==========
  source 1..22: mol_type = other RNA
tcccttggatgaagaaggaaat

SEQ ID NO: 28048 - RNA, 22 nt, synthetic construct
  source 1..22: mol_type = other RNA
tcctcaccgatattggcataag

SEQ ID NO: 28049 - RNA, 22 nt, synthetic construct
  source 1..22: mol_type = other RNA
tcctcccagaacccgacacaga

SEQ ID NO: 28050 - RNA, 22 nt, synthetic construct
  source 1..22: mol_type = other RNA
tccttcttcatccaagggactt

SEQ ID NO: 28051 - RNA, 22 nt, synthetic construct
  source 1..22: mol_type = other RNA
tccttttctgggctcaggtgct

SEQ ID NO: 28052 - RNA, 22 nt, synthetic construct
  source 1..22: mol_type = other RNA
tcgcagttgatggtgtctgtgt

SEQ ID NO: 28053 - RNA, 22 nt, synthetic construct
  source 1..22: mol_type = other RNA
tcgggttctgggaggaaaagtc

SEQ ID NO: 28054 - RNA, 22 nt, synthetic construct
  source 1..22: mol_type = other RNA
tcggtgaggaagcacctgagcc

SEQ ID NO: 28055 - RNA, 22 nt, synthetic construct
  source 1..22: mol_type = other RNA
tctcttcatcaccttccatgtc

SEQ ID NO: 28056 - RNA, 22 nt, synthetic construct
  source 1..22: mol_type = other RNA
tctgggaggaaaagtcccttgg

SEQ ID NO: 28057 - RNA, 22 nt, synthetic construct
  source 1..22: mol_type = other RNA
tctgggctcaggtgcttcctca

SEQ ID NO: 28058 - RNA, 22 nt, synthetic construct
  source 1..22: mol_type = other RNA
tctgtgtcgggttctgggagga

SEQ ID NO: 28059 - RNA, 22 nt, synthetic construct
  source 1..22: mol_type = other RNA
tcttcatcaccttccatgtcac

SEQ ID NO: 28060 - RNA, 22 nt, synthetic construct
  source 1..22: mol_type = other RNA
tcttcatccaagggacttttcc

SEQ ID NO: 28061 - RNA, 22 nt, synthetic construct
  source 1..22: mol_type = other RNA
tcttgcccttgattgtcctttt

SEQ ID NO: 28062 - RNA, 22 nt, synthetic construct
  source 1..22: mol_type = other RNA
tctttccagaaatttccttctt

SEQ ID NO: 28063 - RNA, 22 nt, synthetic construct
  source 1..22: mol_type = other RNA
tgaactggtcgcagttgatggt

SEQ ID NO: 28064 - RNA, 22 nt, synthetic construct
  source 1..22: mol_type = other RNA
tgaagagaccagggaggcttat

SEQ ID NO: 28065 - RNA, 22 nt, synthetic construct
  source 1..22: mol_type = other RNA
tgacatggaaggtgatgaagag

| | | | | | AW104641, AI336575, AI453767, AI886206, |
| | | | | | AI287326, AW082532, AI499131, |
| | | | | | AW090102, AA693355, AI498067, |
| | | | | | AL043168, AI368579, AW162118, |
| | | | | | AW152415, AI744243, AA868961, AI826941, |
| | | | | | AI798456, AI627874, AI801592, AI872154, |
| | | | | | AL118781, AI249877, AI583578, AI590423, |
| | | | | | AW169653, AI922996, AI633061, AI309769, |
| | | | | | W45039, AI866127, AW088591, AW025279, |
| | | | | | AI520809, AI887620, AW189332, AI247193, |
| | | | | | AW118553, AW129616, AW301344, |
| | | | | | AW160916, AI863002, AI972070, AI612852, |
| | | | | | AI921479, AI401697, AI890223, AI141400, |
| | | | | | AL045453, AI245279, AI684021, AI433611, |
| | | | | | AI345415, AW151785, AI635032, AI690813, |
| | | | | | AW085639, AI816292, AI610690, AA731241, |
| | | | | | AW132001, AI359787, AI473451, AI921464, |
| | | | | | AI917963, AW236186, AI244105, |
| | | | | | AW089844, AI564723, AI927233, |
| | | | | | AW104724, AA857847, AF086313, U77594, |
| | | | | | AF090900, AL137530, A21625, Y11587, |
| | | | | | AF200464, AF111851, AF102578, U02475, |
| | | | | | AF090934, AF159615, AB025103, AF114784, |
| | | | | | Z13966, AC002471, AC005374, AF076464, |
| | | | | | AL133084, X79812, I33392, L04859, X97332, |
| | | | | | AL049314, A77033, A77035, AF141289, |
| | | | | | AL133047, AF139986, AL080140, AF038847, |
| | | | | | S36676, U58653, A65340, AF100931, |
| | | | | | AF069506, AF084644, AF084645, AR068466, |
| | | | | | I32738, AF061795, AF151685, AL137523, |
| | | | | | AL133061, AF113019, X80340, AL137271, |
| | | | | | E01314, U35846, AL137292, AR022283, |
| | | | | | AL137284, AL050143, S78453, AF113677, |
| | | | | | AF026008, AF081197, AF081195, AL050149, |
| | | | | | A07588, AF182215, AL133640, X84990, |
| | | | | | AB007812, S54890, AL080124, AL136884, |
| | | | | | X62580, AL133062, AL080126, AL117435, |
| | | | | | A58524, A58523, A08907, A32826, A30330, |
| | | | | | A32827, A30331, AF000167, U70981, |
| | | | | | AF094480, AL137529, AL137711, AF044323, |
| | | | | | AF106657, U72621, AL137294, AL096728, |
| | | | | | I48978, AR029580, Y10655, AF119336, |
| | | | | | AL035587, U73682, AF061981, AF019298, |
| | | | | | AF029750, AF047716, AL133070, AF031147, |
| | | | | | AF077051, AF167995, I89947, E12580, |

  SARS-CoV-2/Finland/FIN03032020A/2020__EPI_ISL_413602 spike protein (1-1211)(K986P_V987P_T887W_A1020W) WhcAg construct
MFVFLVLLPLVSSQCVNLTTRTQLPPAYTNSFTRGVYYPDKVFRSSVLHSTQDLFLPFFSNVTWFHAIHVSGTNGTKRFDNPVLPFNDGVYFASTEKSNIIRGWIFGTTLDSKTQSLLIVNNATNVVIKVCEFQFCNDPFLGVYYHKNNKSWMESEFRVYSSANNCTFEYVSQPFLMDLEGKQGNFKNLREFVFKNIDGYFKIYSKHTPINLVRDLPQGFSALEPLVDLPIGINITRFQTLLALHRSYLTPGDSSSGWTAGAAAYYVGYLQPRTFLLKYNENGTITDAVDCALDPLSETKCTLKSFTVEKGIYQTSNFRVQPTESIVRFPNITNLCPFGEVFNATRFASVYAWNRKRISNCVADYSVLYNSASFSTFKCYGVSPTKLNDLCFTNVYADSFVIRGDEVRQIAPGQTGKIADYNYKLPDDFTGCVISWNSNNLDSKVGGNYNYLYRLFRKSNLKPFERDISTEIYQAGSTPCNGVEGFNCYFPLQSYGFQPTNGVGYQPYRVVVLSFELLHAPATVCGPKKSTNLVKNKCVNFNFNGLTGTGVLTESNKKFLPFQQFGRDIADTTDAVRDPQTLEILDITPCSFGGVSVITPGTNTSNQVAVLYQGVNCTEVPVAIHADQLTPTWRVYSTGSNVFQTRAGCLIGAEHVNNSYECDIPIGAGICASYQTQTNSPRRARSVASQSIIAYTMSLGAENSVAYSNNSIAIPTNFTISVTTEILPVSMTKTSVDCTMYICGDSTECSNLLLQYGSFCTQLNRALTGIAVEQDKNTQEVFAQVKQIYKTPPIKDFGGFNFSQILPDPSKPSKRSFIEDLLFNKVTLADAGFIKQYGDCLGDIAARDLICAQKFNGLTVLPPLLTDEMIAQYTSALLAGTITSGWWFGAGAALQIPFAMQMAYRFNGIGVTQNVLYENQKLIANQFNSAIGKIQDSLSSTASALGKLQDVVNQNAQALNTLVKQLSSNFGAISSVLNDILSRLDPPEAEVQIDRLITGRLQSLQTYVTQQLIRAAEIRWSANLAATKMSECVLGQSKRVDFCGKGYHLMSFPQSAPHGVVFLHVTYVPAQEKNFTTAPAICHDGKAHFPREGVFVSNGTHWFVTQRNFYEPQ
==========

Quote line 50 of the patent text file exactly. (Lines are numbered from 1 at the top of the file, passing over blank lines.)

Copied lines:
tgaactggtcgcagttgatggt